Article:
Yesterday one of our soldiers was killed in Afghanistan - the first since 7 April, according to the Ministry of Defence. How many have been seriously injured since 7 April will not become clear for some time.
One of my friends asked if I thought there had been a ceasefire agreement with the Taliban. In the three months from 1 January to 7 April this year we lost 37 of our armed forces, yet from 8 April to date we have lost one soldier. It does make you wonder what has been going on under the cloak of purdah. But it also shows me that this war is nothing to do with security and everything to do with politics. Anyone who has ever doubted that government does not control our armed services and the military top brasses are in charge, must surely realise the truth.
Since the election was called reporting restrictions were put on all government department websites, including the MoD. Finding any information online has been virtually impossible which shows just how effective purdah has been, particularly concerning the war in Afghanistan. Is purdah relevant for a country at war? I think not.
The word itself is problematic, having old colonial overtones and relating to the controversial practice of women concealing their bodies with veils. A few years ago the Welsh assembly outlawed the term in favour of the less exotic 'pre-election period'.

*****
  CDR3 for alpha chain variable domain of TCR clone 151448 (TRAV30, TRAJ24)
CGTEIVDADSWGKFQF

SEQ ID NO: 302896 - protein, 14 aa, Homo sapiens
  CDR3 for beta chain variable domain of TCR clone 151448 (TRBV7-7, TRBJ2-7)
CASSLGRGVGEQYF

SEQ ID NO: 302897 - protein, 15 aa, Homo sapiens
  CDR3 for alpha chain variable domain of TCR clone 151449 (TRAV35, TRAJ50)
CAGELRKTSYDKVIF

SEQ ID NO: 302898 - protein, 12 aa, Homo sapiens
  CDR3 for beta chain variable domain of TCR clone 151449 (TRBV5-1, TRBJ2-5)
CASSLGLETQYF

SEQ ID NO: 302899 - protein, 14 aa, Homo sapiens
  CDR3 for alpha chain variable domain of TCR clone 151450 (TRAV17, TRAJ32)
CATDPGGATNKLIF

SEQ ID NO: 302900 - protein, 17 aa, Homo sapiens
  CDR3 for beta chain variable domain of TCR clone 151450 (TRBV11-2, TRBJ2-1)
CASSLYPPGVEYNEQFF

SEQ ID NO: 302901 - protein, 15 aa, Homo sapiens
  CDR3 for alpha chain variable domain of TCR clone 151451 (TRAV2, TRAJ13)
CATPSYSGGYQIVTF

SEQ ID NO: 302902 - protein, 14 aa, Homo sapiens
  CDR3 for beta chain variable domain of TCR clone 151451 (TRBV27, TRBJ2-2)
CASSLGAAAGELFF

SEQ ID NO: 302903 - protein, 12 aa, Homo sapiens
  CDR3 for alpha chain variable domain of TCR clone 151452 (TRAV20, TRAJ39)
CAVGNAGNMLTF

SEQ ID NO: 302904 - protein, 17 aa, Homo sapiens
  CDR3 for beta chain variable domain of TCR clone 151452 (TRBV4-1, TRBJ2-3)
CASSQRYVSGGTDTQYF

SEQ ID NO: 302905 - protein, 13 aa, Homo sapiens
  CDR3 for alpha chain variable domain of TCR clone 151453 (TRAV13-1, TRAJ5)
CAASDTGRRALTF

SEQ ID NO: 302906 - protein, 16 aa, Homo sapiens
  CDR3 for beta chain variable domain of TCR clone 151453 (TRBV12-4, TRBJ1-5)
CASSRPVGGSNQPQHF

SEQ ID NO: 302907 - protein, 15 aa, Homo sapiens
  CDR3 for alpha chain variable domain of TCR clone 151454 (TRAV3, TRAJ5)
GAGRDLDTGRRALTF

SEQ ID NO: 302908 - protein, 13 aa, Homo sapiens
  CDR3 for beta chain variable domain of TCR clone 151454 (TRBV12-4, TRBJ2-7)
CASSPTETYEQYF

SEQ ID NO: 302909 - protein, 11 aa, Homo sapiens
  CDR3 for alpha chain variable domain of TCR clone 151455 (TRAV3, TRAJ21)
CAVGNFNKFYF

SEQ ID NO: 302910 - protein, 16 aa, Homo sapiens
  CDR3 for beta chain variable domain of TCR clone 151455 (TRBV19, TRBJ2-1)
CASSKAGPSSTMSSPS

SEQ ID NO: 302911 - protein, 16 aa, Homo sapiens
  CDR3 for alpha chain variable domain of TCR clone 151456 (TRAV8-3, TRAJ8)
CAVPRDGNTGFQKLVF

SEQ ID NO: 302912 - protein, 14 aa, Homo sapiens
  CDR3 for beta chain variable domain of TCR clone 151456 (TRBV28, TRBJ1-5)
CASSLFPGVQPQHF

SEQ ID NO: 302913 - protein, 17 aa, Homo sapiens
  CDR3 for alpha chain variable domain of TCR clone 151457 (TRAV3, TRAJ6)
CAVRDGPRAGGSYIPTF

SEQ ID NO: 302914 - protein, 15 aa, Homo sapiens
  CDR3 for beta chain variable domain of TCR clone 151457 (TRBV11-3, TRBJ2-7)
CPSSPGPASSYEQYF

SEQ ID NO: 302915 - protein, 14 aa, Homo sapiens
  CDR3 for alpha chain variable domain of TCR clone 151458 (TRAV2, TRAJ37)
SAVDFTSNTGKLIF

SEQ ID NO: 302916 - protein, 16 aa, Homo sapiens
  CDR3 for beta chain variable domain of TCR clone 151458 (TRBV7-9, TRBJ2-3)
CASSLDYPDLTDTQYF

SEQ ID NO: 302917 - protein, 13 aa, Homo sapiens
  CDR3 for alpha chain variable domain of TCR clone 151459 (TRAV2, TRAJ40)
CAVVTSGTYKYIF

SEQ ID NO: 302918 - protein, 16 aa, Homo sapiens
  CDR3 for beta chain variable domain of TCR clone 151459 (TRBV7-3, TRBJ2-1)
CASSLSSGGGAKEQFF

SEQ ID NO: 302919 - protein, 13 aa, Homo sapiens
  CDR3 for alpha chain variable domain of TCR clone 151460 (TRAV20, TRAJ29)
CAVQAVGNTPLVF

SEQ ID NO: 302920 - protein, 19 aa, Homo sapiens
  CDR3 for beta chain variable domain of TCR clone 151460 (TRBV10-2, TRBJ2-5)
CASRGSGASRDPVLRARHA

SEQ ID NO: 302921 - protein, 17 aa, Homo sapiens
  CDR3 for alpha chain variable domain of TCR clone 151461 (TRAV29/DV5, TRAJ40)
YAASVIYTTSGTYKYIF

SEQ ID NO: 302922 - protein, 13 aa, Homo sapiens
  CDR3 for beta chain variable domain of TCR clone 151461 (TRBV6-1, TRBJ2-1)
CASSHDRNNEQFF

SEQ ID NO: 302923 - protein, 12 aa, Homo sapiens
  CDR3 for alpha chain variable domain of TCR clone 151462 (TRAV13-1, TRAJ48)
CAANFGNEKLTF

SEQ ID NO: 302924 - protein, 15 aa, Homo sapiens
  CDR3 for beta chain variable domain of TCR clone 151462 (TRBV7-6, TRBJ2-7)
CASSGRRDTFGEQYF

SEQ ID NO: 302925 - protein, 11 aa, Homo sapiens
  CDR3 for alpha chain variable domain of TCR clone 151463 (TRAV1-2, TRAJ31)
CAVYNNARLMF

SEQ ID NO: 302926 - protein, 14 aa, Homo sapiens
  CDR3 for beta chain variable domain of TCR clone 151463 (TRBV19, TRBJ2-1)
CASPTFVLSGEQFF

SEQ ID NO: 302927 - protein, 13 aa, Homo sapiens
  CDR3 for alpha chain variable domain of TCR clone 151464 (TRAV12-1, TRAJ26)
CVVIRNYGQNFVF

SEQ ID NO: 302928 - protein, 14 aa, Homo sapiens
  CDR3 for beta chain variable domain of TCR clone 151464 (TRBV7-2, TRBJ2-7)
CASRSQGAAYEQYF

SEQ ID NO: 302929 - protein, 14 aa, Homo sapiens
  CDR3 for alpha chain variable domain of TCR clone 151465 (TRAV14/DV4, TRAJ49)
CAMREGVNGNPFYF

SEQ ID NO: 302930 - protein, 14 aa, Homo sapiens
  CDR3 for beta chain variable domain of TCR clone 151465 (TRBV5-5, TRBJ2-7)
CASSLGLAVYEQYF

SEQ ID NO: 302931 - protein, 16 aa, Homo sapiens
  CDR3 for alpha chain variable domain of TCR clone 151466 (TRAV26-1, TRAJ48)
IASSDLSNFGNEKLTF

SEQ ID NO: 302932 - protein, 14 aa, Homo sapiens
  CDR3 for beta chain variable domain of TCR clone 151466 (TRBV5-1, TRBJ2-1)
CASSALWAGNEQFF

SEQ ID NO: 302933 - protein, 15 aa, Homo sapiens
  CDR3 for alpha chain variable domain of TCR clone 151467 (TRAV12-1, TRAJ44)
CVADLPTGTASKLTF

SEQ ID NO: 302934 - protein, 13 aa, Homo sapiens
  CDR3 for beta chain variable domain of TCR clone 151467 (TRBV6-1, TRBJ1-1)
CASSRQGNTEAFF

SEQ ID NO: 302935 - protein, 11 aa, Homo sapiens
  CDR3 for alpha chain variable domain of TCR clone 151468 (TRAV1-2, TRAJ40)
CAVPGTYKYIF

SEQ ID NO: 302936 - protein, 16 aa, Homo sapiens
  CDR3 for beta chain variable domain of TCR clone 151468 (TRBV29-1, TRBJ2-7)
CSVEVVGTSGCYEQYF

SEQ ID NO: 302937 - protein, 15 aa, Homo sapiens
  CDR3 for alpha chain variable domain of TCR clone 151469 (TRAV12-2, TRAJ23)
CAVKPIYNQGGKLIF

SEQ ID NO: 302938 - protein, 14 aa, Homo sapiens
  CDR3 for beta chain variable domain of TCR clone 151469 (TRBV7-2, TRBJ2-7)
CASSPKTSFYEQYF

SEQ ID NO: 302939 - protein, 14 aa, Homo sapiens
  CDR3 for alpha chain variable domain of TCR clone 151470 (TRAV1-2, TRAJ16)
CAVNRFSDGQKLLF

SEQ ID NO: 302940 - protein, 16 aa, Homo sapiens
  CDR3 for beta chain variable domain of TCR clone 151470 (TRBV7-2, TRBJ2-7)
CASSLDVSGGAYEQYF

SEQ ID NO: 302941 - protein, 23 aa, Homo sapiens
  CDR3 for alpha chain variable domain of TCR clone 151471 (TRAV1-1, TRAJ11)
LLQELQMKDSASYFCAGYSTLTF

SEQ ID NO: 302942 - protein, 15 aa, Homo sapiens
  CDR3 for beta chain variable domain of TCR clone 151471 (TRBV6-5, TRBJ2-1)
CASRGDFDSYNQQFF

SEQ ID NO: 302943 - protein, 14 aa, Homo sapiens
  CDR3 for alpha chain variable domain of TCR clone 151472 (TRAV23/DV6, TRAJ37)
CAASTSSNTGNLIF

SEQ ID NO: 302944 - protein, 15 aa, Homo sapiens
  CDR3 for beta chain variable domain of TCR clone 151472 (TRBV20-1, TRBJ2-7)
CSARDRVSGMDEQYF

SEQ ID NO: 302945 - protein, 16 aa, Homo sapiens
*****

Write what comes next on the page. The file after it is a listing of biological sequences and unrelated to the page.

During this campaign the responses from the three 'main' parties to questions about this war have been patronising to say the very least. Gordon Brown hasn't mentioned the fact that British troops could be the last to leave Afghanistan. None has mentioned a troop withdrawal timetable, with the exception of Alex Salmond in the Scotland debate yesterday. The soundbite of, "We shall stay until the job's done," echoes from John o' Groats to Lands End, but no one explains the job in detail, because they know the public are fully aware once troops are withdrawn from the country it will quickly revert to its natural power base.
Unfortunately, none of the parties has been questioned about the pension freeze for military veterans, who the government insist upon treating as ordinary civil servants. I say unfortunately because if the public were more aware of this treatment of our veterans, then they may realise Gordon Brown is certainly not doing everything possibly for our armed forces. I would much rather see my tax going to our war veterans than going overseas to countries like China and India to help them with their carbon emission projects.
NATO's Senior Civilian Representative in Afghanistan said recently that the foreign forces in Afghanistan could face another four years of hard combat. Mark Sedwell, a former UK ambassador to Afghanistan, also said that NATO and British soldiers could be expected to stay in Afghanistan for at least another decade.
Come next Friday reporting restrictions will be lifted. Will the 'new' government be more open and transparent with us about this war? No. They too will treat us as fools.